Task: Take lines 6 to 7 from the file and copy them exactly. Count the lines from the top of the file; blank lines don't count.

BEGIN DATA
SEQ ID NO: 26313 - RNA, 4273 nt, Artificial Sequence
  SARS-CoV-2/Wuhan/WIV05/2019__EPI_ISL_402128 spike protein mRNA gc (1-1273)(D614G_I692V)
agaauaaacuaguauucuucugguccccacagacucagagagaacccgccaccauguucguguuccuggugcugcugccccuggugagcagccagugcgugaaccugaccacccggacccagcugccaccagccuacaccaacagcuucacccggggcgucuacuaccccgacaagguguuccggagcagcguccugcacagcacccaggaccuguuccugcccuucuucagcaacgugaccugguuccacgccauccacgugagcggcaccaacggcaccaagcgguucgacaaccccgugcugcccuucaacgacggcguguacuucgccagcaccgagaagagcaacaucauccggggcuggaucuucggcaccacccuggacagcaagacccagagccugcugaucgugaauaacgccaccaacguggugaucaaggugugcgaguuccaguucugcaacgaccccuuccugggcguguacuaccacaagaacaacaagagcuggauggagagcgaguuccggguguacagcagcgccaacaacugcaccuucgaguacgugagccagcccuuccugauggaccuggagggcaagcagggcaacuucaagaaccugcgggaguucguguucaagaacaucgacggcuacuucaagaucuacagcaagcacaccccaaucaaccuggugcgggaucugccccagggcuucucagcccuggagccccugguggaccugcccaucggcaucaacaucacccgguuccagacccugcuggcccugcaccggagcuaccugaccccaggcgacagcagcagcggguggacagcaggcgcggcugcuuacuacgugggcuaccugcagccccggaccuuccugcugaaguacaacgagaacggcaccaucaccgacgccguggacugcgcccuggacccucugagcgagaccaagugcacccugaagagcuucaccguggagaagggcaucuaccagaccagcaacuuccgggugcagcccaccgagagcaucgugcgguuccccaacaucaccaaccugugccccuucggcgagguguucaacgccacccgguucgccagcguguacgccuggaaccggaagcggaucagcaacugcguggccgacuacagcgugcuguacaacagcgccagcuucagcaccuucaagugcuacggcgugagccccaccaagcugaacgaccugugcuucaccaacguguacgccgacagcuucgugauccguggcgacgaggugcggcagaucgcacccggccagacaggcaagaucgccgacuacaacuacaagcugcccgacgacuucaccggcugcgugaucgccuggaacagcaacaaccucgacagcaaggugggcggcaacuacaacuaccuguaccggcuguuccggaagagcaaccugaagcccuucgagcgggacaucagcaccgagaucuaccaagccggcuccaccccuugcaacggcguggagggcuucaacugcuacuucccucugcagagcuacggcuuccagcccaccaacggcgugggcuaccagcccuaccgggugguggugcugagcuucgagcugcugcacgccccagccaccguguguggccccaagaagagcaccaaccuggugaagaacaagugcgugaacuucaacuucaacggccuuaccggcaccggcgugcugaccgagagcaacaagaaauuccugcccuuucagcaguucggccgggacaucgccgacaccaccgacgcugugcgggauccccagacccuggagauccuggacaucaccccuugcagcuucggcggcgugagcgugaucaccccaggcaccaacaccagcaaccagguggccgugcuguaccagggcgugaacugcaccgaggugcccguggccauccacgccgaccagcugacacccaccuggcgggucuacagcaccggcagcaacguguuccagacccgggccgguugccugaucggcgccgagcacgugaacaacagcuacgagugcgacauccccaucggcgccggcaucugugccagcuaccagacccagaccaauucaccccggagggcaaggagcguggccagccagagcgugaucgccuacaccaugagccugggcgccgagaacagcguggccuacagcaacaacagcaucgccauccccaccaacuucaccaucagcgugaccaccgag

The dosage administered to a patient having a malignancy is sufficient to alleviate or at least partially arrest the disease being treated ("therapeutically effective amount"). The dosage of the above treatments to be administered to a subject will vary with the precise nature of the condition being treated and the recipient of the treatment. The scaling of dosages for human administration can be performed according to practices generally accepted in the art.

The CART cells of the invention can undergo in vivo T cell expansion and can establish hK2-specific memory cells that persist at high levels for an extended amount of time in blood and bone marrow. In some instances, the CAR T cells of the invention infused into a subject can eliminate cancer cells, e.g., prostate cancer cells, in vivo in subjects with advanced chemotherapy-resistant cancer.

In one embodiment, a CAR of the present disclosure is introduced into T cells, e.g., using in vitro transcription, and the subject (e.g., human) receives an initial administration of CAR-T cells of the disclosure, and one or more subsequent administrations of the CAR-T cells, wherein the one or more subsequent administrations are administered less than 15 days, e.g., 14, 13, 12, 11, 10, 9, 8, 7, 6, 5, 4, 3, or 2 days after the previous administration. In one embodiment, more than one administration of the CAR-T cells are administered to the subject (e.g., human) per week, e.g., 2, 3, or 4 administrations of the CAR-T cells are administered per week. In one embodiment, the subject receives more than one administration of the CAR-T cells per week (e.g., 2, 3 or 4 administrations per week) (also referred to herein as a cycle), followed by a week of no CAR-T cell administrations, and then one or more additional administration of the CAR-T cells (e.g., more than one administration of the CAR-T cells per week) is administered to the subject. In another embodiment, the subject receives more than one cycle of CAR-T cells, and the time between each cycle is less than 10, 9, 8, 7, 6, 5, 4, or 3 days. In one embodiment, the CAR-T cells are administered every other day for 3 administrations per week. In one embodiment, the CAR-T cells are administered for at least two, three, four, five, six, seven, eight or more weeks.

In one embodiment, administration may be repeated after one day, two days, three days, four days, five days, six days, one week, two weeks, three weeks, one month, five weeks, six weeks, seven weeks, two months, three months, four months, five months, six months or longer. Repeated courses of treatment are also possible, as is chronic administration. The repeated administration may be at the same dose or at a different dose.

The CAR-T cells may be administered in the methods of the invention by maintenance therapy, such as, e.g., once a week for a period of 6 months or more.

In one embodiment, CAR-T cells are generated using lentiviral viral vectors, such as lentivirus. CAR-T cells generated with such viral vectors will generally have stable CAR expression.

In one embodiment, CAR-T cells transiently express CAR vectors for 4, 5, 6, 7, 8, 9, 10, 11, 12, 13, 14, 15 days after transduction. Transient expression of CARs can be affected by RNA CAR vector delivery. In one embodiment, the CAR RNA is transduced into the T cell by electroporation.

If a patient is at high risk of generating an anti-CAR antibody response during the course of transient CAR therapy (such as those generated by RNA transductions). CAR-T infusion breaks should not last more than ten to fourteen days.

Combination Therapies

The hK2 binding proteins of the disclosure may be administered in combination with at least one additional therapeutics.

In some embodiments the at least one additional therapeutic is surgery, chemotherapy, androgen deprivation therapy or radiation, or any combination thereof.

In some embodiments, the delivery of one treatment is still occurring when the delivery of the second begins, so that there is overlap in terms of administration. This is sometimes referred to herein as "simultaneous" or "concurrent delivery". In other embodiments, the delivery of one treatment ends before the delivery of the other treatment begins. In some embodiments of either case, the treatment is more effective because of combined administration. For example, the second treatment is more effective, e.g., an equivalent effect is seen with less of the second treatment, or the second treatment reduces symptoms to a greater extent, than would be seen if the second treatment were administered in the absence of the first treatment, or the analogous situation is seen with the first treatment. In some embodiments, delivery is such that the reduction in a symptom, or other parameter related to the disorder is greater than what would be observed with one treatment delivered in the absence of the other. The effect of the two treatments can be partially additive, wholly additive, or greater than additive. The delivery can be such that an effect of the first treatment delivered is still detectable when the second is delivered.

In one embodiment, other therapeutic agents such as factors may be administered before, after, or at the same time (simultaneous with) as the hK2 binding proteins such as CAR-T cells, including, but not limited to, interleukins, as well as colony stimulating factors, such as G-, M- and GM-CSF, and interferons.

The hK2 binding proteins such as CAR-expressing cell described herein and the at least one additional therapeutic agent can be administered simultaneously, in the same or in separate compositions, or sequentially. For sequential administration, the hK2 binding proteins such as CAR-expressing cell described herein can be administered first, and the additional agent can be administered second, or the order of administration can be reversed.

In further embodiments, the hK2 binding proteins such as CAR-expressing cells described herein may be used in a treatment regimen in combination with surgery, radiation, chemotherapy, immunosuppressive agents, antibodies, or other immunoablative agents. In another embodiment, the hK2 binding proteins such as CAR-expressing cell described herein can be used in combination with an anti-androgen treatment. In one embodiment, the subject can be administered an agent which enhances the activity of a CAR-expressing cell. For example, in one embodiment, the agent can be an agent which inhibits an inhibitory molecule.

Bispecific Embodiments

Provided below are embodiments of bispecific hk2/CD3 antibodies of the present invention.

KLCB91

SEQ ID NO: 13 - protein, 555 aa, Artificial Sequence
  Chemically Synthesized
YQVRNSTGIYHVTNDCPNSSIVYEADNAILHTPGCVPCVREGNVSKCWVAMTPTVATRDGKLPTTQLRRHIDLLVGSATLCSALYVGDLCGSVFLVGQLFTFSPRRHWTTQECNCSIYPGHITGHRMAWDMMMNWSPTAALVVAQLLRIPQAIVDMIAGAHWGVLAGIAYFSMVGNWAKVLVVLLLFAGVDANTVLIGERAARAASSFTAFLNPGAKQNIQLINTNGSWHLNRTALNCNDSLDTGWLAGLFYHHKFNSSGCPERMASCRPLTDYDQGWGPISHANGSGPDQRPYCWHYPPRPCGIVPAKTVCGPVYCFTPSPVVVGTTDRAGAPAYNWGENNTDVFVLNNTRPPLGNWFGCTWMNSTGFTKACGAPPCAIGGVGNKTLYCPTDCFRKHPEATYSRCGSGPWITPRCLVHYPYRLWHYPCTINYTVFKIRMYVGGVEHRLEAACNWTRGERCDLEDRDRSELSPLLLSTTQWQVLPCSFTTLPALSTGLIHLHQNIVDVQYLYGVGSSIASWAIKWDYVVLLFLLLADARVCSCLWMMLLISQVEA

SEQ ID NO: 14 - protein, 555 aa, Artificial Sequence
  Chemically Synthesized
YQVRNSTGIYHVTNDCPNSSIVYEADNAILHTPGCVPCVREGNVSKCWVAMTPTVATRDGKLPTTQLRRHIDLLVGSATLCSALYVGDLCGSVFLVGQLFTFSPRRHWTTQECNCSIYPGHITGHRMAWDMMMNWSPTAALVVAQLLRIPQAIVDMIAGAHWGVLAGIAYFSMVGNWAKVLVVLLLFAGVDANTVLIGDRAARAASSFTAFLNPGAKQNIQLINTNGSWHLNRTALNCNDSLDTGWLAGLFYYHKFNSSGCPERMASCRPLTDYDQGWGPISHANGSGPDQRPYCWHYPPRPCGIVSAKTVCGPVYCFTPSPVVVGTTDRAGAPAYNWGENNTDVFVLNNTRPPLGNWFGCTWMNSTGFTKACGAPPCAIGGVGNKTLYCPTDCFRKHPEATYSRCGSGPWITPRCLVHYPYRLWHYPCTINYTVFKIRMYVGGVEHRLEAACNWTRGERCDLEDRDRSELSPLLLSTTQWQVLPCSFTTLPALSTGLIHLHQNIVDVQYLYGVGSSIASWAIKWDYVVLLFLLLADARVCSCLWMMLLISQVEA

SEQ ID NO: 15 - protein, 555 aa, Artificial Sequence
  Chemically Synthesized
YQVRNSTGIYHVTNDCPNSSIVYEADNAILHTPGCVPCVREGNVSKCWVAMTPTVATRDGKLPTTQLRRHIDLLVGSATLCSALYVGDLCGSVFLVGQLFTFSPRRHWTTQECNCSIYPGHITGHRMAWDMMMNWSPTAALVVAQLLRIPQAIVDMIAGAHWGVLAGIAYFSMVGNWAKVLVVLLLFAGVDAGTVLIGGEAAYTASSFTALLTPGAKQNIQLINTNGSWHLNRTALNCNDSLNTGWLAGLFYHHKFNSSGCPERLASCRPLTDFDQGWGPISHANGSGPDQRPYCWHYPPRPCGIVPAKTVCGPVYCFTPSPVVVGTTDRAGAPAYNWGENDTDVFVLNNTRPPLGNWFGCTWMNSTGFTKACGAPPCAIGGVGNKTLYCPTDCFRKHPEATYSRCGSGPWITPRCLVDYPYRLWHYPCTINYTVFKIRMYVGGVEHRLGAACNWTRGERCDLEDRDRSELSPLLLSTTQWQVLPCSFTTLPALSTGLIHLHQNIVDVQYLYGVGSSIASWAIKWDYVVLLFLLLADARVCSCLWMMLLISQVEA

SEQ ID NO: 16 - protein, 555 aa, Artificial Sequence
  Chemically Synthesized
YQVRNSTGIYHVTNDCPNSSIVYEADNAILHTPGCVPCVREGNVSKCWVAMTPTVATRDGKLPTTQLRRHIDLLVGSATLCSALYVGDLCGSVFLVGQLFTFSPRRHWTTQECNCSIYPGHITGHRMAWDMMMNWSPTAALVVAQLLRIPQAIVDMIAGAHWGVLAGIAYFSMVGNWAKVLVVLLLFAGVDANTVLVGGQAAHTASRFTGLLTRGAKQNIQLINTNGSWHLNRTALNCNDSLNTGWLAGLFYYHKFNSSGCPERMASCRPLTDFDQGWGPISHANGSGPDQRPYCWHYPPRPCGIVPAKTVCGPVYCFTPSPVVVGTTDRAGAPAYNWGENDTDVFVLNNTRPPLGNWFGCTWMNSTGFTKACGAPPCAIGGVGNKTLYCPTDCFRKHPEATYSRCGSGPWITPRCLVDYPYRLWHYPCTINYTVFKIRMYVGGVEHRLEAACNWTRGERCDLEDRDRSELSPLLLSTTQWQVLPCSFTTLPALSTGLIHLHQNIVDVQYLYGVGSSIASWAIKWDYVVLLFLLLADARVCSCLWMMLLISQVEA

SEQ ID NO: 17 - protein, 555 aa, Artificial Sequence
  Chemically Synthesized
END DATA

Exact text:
In one embodiment, a CAR of the present disclosure is introduced into T cells, e.g., using in vitro transcription, and the subject (e.g., human) receives an initial administration of CAR-T cells of the disclosure, and one or more subsequent administrations of the CAR-T cells, wherein the one or more subsequent administrations are administered less than 15 days, e.g., 14, 13, 12, 11, 10, 9, 8, 7, 6, 5, 4, 3, or 2 days after the previous administration. In one embodiment, more than one administration of the CAR-T cells are administered to the subject (e.g., human) per week, e.g., 2, 3, or 4 administrations of the CAR-T cells are administered per week. In one embodiment, the subject receives more than one administration of the CAR-T cells per week (e.g., 2, 3 or 4 administrations per week) (also referred to herein as a cycle), followed by a week of no CAR-T cell administrations, and then one or more additional administration of the CAR-T cells (e.g., more than one administration of the CAR-T cells per week) is administered to the subject. In another embodiment, the subject receives more than one cycle of CAR-T cells, and the time between each cycle is less than 10, 9, 8, 7, 6, 5, 4, or 3 days. In one embodiment, the CAR-T cells are administered every other day for 3 administrations per week. In one embodiment, the CAR-T cells are administered for at least two, three, four, five, six, seven, eight or more weeks.

In one embodiment, administration may be repeated after one day, two days, three days, four days, five days, six days, one week, two weeks, three weeks, one month, five weeks, six weeks, seven weeks, two months, three months, four months, five months, six months or longer. Repeated courses of treatment are also possible, as is chronic administration. The repeated administration may be at the same dose or at a different dose.